ANYWAYS — the most stand out reason for recommending this book is an analogy that Takuan makes about favoring long sword or short sword approaches in battle. He talks about how the long sword is good for cutting down enemies in the open battle field, but that in closed quarters one must use a short sword. He also relates this to how someone whom is strong may have an easier time wielding a long sword than someone whom is weaker. He juxtaposes various situations against one another and ends up delivering wisdom that, interestingly, is in essence the same wisdom delivered in the Reminiscences of a Stock Operator book regarding bulls and bears (optimism and pessimism).
Takuan explains how one should not favor long swords over short, bows and arrows over swords, or any one weapon over any other — he explains that the only thing one should favor is defeating the enemy and knowing what tools you have within reach to accomplish that goal.
While the comparison of not favoring one over the other can be made analogous to life, the most immediate example I’d like to present is how this might apply to writing a story.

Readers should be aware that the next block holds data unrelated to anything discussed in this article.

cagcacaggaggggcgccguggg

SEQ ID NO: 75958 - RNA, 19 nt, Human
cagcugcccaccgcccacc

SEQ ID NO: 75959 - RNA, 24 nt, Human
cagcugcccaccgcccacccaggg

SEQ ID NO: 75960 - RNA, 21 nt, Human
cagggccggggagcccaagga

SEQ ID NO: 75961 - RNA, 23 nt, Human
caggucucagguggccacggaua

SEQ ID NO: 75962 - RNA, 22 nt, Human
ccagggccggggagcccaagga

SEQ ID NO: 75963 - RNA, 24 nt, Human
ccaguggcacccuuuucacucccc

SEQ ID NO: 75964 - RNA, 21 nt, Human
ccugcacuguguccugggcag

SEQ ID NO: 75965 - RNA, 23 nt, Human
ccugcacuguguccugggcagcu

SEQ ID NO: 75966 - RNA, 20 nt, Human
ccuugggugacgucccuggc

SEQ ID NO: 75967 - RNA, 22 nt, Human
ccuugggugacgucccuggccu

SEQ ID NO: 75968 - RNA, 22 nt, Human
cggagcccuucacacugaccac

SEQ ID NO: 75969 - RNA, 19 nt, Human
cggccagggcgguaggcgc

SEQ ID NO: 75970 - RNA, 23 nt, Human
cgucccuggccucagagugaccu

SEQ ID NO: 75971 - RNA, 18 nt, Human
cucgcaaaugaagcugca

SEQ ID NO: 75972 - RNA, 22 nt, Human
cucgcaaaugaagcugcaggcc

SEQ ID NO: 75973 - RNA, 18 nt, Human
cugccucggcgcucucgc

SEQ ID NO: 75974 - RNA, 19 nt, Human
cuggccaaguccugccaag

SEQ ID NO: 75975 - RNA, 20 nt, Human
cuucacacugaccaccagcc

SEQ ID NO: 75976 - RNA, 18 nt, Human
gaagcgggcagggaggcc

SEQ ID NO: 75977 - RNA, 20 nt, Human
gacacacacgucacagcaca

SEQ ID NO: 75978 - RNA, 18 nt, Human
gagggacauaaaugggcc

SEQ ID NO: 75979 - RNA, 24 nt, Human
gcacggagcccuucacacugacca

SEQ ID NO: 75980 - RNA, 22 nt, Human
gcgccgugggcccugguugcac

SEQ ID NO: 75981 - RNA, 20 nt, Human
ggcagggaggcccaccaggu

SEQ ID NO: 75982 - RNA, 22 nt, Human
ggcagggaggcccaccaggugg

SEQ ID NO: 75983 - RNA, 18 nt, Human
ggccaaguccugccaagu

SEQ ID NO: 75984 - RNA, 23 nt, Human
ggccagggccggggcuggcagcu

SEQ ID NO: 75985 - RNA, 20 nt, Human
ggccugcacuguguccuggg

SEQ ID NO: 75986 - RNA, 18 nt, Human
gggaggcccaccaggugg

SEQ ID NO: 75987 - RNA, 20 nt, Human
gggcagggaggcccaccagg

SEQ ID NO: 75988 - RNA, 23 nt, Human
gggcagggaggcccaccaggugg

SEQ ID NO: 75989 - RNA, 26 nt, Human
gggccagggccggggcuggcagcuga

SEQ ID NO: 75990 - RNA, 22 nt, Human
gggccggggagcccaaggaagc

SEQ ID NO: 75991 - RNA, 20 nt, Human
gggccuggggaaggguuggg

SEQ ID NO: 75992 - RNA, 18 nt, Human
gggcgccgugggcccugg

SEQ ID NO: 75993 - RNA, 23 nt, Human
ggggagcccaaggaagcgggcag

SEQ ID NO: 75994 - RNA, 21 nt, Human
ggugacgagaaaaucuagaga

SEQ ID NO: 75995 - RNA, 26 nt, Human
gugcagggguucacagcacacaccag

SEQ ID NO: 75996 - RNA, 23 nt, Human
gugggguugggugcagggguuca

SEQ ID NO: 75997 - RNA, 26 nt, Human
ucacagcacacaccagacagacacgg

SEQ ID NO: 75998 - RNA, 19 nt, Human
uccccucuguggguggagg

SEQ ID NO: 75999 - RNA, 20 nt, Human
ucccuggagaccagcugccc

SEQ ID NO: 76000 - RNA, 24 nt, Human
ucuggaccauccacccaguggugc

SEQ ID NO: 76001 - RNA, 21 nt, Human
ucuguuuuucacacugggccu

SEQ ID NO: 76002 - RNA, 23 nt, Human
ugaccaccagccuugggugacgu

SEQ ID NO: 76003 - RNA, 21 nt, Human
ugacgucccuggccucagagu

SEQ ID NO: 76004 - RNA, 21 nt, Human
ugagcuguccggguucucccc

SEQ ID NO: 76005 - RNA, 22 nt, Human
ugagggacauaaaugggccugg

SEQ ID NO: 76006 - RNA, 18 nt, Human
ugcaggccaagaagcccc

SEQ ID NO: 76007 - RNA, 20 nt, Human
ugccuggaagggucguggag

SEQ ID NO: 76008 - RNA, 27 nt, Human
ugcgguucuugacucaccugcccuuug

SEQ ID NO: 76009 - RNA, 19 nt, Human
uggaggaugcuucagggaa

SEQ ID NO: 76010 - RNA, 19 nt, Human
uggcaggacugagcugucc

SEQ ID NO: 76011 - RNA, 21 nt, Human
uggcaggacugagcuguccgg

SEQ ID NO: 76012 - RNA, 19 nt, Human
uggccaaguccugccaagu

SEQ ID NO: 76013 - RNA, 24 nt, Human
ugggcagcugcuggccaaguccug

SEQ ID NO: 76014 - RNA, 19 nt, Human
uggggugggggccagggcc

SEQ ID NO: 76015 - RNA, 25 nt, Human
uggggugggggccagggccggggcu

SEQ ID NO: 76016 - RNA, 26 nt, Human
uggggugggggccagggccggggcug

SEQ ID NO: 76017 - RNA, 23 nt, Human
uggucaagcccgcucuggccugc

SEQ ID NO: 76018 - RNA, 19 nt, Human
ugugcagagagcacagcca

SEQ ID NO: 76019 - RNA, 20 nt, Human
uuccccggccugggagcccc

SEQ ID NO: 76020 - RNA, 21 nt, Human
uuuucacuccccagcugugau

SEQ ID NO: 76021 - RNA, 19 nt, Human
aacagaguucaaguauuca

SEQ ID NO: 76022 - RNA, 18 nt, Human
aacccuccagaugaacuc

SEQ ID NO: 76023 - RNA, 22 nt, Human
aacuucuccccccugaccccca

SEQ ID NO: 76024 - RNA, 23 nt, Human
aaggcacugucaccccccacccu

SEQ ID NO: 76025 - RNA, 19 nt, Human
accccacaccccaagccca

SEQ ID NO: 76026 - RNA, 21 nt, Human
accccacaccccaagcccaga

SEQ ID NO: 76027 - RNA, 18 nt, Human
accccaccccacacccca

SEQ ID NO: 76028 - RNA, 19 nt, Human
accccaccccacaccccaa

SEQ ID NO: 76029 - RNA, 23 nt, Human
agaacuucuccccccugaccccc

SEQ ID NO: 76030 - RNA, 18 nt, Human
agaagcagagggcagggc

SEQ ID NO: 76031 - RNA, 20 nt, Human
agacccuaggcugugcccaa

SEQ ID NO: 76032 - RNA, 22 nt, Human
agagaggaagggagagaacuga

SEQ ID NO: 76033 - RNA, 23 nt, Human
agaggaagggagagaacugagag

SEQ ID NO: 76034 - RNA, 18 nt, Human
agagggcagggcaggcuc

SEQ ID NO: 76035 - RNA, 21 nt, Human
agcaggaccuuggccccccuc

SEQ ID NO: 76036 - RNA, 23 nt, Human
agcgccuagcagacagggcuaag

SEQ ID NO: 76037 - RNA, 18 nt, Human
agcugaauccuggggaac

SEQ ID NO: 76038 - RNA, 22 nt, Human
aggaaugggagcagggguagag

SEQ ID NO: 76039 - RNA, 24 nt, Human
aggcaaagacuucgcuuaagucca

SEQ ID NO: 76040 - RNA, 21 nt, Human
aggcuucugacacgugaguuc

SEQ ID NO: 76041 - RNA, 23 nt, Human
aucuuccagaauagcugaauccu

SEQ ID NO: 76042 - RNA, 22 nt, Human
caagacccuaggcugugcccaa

In writing a story, the author can sweep over vast amounts of information by use of exposition. Alternately, the author can go into minute detail. Basically, the author has the tools of “tell” (exposition) versus “show” (dramatization).
Most writing professors will advise you to always show instead of tell, but that type of advice is counter to Takuan’s. In other words, why show in 1000 words what you could tell in 100? Think of the very first Star Wars film ever made — remember that expository crawl for about a minute or two. If they decided to “show” all that they told in the first 2 minutes, they would’ve had to make an entire movie. As Takuan suggests (as well as Lefevre in Reminiscences), it’s more important to be “right” to “win” than it is to allow one’s personal preference to run wild.
A final thought for the short recommendation that’s already becoming too long… the point is not the same as the Machiavellian approach which basically posits “whatever it takes to win,” but only to recognize the path to winning without wishing/hoping, or pushing one’s own preference into the mix. To be Machiavellian might imply to do whatever it takes in order to satisfy one’s preferences, whereas to be as Takuan or Lefevre suggest to put preference aside in favor of winning.
The Unfettered Mind, is a HUGE recommend as it may help you more clearly assess some situation in your life by applying any of the numerous abstractions Takuan presents.